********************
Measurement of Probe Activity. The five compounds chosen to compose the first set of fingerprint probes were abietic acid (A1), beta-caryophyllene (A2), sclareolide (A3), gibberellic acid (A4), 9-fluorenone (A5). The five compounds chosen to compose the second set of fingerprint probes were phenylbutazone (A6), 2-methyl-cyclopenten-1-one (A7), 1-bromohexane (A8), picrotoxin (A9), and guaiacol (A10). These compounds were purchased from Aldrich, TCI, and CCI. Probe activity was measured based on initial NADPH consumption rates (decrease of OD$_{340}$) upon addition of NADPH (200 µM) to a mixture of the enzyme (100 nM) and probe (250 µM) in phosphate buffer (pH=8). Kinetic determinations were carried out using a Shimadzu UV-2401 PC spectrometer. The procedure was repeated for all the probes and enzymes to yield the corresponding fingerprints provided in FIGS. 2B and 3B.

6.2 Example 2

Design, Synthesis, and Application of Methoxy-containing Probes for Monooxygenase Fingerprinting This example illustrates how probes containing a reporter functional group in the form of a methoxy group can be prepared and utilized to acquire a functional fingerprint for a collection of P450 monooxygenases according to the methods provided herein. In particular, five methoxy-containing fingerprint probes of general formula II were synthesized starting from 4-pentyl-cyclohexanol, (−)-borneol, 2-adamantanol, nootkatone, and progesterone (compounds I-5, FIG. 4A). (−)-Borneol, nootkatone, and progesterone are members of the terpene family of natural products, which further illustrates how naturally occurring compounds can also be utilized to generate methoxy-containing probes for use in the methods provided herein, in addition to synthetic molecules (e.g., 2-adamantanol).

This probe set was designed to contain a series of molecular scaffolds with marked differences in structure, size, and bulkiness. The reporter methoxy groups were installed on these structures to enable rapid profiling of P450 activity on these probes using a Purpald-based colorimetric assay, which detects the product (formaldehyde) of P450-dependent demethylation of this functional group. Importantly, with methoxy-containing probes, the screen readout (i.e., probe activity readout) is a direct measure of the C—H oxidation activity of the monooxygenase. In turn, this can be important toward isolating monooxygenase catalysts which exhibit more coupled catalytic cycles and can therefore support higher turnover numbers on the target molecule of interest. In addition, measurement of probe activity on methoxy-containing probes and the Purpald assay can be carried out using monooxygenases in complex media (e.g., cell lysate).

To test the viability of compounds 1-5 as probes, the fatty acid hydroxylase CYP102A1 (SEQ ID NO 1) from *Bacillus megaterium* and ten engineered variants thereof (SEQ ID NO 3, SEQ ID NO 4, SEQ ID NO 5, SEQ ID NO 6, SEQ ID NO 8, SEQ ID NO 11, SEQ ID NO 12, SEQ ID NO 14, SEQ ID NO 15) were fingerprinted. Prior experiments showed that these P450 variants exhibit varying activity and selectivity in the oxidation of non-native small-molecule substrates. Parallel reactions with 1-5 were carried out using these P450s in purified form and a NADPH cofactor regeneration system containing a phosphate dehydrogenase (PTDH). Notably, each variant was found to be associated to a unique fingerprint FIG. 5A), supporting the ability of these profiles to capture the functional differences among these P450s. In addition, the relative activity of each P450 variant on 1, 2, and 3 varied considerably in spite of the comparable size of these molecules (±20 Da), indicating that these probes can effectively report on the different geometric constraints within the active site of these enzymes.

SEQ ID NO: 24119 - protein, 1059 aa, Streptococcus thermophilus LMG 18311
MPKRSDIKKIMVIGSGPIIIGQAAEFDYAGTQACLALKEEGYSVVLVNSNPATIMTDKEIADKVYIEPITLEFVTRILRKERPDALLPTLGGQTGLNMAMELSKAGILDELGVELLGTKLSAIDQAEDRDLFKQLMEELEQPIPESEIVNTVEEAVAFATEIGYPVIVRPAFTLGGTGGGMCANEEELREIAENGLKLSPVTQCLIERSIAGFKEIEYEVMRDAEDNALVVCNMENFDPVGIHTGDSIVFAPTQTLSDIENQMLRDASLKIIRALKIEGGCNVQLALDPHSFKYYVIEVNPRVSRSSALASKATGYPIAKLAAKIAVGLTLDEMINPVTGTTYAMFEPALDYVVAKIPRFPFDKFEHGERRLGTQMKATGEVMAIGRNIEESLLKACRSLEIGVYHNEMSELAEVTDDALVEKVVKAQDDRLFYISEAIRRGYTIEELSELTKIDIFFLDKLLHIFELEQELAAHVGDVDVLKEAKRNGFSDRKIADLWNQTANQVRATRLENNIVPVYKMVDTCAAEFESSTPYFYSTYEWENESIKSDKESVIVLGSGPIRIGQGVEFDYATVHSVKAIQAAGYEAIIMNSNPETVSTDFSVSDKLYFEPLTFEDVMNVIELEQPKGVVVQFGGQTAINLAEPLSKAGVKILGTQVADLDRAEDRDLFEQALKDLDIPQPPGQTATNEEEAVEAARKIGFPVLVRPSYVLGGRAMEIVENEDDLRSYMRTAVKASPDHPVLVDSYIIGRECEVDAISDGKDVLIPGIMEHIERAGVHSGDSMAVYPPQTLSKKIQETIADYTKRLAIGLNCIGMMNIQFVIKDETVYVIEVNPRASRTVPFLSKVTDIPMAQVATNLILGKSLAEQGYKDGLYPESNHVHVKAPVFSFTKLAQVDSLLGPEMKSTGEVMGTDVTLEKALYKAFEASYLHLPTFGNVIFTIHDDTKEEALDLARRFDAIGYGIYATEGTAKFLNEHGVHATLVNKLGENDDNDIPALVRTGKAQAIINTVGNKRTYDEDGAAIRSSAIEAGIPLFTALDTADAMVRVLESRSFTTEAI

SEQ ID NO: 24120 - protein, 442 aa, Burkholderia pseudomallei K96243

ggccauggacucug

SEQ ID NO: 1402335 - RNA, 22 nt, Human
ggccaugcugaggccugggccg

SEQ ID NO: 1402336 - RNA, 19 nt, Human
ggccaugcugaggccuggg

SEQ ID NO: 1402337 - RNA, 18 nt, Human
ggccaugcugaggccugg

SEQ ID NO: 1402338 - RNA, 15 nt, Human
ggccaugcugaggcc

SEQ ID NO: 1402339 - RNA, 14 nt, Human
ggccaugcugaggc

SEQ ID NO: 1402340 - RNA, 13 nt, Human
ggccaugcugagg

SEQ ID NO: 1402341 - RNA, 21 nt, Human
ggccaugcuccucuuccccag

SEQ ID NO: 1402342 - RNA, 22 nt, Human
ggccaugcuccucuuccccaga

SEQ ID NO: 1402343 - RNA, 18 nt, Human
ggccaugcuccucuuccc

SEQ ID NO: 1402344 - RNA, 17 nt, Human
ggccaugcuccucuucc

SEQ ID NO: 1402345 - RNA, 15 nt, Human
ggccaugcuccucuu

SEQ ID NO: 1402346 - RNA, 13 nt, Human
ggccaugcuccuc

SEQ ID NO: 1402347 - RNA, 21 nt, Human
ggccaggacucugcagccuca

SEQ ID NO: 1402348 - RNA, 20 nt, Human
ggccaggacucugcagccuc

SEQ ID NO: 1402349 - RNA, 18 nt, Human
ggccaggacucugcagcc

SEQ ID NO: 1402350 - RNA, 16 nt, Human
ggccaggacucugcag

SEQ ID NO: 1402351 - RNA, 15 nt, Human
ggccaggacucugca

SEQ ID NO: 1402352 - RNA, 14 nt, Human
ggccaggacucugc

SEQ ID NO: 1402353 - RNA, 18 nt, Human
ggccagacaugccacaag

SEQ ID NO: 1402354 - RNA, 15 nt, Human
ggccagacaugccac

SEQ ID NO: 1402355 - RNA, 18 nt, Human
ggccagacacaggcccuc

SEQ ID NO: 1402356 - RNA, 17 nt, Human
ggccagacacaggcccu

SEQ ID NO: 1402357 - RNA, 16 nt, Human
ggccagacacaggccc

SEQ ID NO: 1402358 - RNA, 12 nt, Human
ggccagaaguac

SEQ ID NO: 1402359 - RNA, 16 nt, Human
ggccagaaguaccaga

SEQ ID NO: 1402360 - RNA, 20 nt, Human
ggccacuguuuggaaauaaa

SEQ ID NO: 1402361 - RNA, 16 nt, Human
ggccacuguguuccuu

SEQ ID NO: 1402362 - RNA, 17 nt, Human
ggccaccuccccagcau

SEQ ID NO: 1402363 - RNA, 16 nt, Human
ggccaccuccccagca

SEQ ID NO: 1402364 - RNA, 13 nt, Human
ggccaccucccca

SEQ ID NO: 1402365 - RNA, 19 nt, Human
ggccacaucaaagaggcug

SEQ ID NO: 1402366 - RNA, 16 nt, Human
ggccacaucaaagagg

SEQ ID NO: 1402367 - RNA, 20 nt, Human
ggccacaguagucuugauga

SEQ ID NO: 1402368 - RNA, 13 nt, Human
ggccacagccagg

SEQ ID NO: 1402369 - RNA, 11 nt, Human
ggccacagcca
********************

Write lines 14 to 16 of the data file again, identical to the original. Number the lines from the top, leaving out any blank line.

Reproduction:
SEQ ID NO: 1402337 - RNA, 18 nt, Human
ggccaugcugaggccugg

SEQ ID NO: 1402338 - RNA, 15 nt, Human